Boating Safety in Vermont





WILLISTON -- The Vermont State Police Marine Division is the primary law enforcement agency responsible for ensuring the safety of the recreating public on Vermont waterways. In addition to enforcing marine laws, the division provides many education programs designed to make the waterways safer for everyone. With the upcoming Fourth of July holiday, the Vermont State Police Marine Division would like to remind all boaters of the following state boating laws:

  • Those born after January 1, 1974, must have successfully completed an approved boating safety education course to legally operate any motorized vessel, including a personal watercraft.
  • All vessels must carry a USCG wearable personal floatation device (PFD) for each person on board. This includes canoes, kayaks and paddle boards.
  • All children under the age of 12 must wear a Type I, Type II, or Type III USCG-approved Personal floatation device while underway on the open deck of any vessel.
  • An operator must stop his or her vessel when signaled to do so by a trooper wearing an identifying insignia or by a state police vessel sounding a siren or displaying a blue light. It is unlawful to fail to stop or attempt to elude the trooper. The trooper has the authority to stop and board vessels to check for compliance with state and federal laws.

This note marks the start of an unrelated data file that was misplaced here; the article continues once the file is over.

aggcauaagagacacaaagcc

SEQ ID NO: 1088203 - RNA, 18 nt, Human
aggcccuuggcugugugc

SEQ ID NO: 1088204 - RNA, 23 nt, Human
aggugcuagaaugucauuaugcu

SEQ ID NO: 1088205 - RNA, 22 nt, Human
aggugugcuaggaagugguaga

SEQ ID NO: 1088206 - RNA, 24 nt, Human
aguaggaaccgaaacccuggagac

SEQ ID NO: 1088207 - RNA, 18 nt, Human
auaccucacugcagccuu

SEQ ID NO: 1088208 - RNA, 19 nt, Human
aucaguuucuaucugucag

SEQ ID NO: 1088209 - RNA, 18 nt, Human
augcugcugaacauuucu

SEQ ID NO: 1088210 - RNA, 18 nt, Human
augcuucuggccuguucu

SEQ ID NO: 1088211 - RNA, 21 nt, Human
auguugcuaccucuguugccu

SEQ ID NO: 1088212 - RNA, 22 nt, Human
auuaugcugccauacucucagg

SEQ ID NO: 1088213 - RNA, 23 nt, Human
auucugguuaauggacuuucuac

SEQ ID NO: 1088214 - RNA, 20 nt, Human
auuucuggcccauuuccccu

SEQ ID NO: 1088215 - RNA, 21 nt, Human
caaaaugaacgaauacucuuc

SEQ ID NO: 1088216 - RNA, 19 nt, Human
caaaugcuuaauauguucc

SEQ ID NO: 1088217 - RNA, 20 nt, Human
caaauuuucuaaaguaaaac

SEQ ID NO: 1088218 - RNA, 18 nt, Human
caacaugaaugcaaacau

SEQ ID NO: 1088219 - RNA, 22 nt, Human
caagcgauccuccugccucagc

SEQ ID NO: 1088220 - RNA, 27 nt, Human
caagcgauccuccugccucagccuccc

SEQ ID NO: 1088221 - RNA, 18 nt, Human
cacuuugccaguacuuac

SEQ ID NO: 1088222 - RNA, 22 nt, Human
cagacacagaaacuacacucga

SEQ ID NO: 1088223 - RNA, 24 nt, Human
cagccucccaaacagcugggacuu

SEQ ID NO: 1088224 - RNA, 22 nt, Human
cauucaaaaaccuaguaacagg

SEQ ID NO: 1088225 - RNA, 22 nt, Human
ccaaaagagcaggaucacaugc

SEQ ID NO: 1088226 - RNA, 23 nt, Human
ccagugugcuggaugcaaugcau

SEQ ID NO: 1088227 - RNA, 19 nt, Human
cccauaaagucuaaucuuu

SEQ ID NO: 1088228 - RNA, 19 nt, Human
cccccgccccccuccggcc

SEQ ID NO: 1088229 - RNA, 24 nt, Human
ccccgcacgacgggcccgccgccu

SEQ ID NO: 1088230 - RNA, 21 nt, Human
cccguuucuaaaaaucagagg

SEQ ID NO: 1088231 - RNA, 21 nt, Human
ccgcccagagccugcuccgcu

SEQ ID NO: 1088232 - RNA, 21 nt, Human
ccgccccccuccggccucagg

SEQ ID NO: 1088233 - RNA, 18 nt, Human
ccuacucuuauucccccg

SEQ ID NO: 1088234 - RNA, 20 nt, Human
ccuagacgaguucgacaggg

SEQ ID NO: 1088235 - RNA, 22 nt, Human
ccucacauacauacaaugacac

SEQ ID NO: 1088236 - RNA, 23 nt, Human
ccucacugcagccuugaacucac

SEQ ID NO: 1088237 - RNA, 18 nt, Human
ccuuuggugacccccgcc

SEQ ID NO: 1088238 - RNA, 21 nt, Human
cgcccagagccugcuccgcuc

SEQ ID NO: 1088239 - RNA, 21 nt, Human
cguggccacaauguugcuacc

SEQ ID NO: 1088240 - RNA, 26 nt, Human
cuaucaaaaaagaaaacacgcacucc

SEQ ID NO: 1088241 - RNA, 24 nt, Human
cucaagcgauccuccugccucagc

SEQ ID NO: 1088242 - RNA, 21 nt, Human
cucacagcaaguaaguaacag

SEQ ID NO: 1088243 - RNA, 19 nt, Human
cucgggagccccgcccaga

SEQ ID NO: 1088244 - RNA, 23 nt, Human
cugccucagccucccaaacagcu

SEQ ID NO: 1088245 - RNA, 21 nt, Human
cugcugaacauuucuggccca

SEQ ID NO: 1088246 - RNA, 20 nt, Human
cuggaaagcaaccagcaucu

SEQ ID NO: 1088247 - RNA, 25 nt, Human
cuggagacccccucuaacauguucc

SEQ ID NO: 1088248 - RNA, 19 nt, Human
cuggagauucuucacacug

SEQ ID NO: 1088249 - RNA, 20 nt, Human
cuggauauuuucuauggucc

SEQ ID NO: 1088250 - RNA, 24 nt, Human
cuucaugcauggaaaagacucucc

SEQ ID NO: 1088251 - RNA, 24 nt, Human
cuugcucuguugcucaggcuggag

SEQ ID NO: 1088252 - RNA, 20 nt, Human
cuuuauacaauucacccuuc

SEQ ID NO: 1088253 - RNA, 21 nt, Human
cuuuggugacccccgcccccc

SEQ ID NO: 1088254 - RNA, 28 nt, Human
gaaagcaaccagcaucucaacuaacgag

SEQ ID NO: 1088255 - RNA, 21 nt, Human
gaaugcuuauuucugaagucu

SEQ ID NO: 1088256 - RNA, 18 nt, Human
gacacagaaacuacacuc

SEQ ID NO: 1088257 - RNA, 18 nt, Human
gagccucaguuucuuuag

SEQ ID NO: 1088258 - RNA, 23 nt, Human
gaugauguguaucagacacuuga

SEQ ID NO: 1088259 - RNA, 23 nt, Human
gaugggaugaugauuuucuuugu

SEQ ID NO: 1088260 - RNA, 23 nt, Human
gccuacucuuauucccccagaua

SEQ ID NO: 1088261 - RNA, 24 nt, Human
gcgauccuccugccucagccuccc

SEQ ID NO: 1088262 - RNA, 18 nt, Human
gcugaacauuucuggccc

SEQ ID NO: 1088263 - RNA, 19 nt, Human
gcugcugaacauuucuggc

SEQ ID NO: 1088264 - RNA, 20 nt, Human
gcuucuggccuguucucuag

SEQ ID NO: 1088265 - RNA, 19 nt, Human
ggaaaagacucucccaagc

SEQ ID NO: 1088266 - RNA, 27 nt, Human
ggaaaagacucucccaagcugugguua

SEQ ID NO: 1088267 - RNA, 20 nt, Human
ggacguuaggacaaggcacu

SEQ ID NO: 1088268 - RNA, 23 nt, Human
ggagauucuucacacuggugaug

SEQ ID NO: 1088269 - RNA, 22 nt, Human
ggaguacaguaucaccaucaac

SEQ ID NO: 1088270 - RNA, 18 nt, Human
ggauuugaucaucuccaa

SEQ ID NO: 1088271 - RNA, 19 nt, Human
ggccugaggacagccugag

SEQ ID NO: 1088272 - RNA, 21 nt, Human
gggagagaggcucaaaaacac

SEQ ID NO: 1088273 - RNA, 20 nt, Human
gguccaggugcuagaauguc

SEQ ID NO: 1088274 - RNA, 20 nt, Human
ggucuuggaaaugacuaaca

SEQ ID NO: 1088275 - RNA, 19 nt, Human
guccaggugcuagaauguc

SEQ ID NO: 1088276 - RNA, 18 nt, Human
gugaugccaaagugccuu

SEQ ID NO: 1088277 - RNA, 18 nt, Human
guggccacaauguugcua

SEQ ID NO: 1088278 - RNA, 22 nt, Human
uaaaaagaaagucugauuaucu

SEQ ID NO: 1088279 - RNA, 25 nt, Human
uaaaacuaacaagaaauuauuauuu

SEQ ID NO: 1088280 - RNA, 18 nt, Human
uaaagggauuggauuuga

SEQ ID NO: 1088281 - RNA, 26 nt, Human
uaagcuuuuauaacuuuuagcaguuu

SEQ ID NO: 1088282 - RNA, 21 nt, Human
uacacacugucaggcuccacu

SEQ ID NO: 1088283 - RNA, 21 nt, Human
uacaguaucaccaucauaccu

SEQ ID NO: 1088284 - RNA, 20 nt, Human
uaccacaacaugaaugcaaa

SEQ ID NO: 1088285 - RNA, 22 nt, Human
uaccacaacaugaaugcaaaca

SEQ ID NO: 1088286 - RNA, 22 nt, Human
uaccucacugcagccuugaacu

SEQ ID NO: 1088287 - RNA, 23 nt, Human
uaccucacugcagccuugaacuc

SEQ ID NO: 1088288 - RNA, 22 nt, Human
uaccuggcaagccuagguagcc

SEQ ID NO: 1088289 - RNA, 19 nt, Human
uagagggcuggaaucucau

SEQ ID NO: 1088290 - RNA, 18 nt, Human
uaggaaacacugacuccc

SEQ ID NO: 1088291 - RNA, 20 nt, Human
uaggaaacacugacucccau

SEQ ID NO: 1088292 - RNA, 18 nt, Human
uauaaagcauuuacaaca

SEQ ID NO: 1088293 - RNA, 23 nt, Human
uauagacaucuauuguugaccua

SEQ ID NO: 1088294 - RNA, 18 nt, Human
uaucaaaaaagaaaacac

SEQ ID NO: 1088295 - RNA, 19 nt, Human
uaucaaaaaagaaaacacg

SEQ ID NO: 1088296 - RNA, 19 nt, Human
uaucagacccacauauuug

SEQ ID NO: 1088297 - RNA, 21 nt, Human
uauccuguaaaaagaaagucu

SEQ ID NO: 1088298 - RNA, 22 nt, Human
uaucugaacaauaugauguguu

• To legally operate a vessel propelled by a motor on the public waters of Vermont, the vessel must have a Vermont Certificate of Registration and validation sticker.
  • The certificate of registration must be onboard and available for inspection by an enforcement officer whenever the vessel is being operated.
  • Vermont law prohibits the discharge of any sewage, treated or untreated, into the state's waters. Vessels equipped with a marine toilet must have a wastewater holding system to prevent the discharge of waste products into surrounding waters. All discharge lines, pipes or hoses associated with the holding tank must be disconnected and stored while the vessel is on Vermont waters.
  • The noise level of a motorized vessel measured at a distance of 50 feet or more from the vessel must not exceed 82 decibels in normal operating environments.
  • It is unlawful to operate a vessel at greater than "no wake speed "within 200 feet of:

    1) The shoreline;

    2) A person in the water;

    3) A canoe, rowboat or other vessel;

    4) An anchored or moored vessel with a person onboard; or

    5) An anchorage or dock.

  • A vessel must be operated at a speed of 5 miles per hour or less within 200 feet of a marked swimming area. ("No Wake Speed" means to operate at vessel at a speed at which the vessel does not produce a wake, or not to exceed 5 miles per hour.)
  • Vermont State law prohibits anyone from boating while intoxicated (BWI) due to alcohol, drugs or any combination of both.

Please visit the Vermont State Police website for further information regarding boating education classes.


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